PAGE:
Without the last minute, so the old saying goes, nothing would ever get done. Give me extreme pressure, less time than I actually need, and I’ll whip that deadline into shape. And produce something brilliant. Leave the ending open and the task will hang around tormenting me. And anything I do attempt to produce will be flabby or fall flat (in my mind, anyway).
Except I thought I was better than that: I’m a consummate planner, with a social diary that is meticulous and varied, and a work diary that is packed and tightly managed. So why is it that a task comes along that I don’t want to do, and the not-doing the task drains more energy than actually doing the task would.
“Nothing is so fatiguing as the eternal hanging on of an uncompleted task,” says William James.
Here’s another great quote about procrastination: “If you want to make an easy job seem mighty hard, just keep putting off doing it.” Olin Miller
There’s been a mighty hard job hanging around my shoulders over the last three weeks. Not hard in terms of thinking or coming up with some cracking ideas, but in terms of being practical and getting something lawyer-ish done, which involved finding documents in my… erm… ‘creative’ writing studio. (OK, so there are a few bits of paper lying around my office that need to find their spiritual home, and I really hate admin).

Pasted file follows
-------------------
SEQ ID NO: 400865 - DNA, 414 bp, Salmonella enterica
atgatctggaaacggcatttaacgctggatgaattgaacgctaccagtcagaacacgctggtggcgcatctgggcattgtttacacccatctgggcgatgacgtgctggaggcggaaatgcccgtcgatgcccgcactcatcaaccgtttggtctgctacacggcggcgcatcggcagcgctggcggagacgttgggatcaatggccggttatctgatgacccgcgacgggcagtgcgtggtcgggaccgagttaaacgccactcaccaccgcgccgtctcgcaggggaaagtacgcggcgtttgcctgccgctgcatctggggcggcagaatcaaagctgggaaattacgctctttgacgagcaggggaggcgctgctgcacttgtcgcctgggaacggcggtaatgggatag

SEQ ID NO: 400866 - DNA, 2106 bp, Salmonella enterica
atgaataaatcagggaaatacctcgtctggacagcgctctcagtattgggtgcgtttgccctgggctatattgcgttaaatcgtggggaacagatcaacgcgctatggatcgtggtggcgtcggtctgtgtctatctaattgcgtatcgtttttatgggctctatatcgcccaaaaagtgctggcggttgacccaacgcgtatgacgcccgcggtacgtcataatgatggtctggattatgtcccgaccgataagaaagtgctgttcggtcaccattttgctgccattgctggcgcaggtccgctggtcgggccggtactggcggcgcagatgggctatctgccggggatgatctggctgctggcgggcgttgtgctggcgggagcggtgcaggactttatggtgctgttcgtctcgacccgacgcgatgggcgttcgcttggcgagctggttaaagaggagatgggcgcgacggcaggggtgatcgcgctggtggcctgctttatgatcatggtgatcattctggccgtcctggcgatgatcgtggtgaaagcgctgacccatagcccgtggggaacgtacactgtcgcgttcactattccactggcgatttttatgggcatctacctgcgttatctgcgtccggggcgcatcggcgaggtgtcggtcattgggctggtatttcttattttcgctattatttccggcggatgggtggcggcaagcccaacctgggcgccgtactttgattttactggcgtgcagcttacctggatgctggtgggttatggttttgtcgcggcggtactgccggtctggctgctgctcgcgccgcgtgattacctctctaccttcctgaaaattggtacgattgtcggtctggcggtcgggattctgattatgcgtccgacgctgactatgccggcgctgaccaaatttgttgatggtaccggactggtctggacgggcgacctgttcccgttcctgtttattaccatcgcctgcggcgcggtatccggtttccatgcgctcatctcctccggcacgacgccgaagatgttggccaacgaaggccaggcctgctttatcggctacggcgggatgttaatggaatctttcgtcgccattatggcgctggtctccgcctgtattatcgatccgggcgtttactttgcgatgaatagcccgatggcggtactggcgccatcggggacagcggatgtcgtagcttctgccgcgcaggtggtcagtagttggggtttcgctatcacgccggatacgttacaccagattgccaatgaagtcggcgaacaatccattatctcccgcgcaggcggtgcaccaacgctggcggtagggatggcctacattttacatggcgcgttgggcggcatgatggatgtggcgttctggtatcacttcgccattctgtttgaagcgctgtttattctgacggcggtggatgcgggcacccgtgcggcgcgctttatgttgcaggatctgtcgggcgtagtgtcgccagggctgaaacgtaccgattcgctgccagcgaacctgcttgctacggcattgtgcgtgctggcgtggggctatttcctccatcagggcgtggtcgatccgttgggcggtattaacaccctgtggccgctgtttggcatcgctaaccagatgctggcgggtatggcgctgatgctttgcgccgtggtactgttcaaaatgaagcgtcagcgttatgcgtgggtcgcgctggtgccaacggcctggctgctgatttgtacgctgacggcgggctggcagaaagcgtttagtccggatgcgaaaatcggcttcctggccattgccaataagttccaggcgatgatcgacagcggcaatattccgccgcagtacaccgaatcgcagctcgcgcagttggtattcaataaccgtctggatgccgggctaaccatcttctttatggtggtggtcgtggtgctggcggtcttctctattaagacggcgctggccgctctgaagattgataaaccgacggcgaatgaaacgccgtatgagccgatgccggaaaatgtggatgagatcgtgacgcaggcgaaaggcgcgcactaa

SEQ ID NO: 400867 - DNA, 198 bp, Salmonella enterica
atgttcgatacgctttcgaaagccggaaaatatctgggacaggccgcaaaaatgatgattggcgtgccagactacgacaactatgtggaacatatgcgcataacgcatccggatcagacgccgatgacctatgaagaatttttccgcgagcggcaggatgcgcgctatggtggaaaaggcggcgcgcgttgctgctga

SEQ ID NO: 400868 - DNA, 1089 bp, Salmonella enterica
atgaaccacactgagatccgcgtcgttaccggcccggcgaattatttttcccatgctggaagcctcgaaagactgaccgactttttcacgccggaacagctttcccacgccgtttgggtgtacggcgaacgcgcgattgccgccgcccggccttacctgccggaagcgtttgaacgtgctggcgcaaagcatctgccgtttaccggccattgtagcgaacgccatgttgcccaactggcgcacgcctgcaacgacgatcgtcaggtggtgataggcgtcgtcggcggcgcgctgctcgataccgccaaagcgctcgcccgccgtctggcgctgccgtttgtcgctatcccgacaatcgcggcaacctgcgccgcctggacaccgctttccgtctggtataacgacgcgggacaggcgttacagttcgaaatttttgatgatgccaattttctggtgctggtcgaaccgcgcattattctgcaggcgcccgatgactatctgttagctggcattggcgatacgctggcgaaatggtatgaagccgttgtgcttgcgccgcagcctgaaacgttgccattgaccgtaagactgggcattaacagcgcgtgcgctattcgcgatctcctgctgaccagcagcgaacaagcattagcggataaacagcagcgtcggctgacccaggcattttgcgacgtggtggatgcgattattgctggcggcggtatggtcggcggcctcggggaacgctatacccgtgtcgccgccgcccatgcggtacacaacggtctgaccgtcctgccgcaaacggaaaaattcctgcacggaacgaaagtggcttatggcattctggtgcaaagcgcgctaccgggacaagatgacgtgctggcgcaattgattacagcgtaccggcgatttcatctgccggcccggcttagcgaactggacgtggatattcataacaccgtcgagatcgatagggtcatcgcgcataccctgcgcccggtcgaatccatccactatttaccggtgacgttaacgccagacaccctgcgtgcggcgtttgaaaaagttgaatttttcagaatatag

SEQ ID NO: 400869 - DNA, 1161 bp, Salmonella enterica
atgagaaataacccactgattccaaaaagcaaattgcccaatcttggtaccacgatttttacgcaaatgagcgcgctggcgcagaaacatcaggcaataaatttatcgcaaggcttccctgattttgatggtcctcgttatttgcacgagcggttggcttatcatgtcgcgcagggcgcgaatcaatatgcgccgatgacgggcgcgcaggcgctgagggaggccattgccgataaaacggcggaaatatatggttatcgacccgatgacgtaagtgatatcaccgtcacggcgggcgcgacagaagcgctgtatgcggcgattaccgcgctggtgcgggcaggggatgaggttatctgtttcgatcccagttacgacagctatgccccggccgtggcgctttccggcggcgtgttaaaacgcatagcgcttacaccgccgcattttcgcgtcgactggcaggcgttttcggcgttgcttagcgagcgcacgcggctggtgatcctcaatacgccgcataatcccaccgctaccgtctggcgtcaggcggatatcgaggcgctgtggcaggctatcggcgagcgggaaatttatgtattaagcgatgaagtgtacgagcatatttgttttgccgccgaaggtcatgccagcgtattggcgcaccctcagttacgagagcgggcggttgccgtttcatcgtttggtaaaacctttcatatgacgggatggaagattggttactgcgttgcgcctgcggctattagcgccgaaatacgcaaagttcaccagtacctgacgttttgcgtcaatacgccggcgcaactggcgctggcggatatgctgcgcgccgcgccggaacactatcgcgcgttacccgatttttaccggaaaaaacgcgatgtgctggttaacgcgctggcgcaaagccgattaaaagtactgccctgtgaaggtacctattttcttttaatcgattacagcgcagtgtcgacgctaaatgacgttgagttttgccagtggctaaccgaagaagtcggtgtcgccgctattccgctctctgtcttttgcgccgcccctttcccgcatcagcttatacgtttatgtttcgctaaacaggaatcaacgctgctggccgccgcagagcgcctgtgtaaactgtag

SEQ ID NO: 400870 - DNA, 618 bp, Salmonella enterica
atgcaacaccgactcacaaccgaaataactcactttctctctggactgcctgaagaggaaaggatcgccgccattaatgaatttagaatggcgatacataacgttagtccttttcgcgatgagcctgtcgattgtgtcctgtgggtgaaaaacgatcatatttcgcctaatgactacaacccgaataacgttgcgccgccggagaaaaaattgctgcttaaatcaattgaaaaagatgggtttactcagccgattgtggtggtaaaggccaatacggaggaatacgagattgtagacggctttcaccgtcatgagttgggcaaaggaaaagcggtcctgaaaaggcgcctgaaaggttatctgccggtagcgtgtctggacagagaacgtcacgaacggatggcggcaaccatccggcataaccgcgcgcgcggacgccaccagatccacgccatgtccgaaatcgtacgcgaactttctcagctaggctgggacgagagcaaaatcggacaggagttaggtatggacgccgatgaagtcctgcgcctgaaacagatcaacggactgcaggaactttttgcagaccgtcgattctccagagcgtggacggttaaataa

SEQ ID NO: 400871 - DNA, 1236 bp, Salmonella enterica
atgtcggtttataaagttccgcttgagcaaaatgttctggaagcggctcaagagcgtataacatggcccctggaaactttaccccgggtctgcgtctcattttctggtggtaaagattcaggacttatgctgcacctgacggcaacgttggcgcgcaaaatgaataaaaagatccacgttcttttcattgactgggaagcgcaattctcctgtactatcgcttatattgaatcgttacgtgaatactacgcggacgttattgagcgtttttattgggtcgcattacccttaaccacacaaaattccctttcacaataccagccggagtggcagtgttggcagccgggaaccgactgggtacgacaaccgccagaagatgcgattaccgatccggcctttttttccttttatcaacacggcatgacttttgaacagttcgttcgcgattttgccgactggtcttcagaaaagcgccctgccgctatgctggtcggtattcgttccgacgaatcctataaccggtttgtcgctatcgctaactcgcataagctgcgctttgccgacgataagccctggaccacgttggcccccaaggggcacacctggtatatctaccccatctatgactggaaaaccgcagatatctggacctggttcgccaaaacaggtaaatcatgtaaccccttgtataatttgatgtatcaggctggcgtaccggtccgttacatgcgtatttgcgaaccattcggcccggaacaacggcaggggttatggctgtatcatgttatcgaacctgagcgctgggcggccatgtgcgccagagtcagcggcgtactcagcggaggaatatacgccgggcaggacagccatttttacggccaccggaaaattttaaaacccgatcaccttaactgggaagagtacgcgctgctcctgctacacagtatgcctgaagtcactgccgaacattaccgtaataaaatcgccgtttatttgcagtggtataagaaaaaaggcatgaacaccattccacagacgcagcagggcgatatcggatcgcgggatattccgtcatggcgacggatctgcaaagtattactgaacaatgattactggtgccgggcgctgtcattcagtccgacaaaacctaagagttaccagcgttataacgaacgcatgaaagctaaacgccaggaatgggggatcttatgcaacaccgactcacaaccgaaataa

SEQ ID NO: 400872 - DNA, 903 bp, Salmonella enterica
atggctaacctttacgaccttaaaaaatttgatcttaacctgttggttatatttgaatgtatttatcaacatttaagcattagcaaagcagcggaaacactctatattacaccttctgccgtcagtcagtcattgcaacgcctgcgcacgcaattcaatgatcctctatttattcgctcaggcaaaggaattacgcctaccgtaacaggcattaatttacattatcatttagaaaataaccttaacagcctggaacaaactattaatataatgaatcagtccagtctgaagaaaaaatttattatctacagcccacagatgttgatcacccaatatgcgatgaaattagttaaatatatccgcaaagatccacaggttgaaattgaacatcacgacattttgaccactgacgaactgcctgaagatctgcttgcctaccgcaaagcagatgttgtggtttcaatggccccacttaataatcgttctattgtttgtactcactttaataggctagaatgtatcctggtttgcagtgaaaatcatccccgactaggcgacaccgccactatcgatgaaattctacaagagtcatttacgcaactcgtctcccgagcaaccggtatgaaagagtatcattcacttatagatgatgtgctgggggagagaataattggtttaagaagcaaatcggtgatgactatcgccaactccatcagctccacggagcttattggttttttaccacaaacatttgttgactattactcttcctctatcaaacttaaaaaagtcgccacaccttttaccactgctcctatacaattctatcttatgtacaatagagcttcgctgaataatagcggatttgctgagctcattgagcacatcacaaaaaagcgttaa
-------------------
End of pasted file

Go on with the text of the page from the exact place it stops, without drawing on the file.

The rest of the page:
I needed to do this task pretty damn quick, but somehow my motivation was stuck in treacle. Instead, I projected my need to do this task onto the lawyer who was going to help me. Big time.
I let her chase me for three weeks, and I’m sure it’s because I was making myself feel pressured by someone outside myself, perhaps nudge some blame onto her desk, before inspiring (or forcing) myself into action.
So, how did she get me off my backside and photocopying the very important documents I needed for a very important issue? She left a message saying she was going on holiday at the end of next week, and if I wanted her help I’d have to send the documents this week.
Suddenly, a quick whip around my home office discovered the documents I needed. They’re now all neatly photocopied and in a folder waiting to be sent by express mail tomorrow.
You see, we writers need a deadline. It gives us purpose, prioritises our day – and the fear of failure spurs us on.
That deadline is now achieved. Long live the last minute.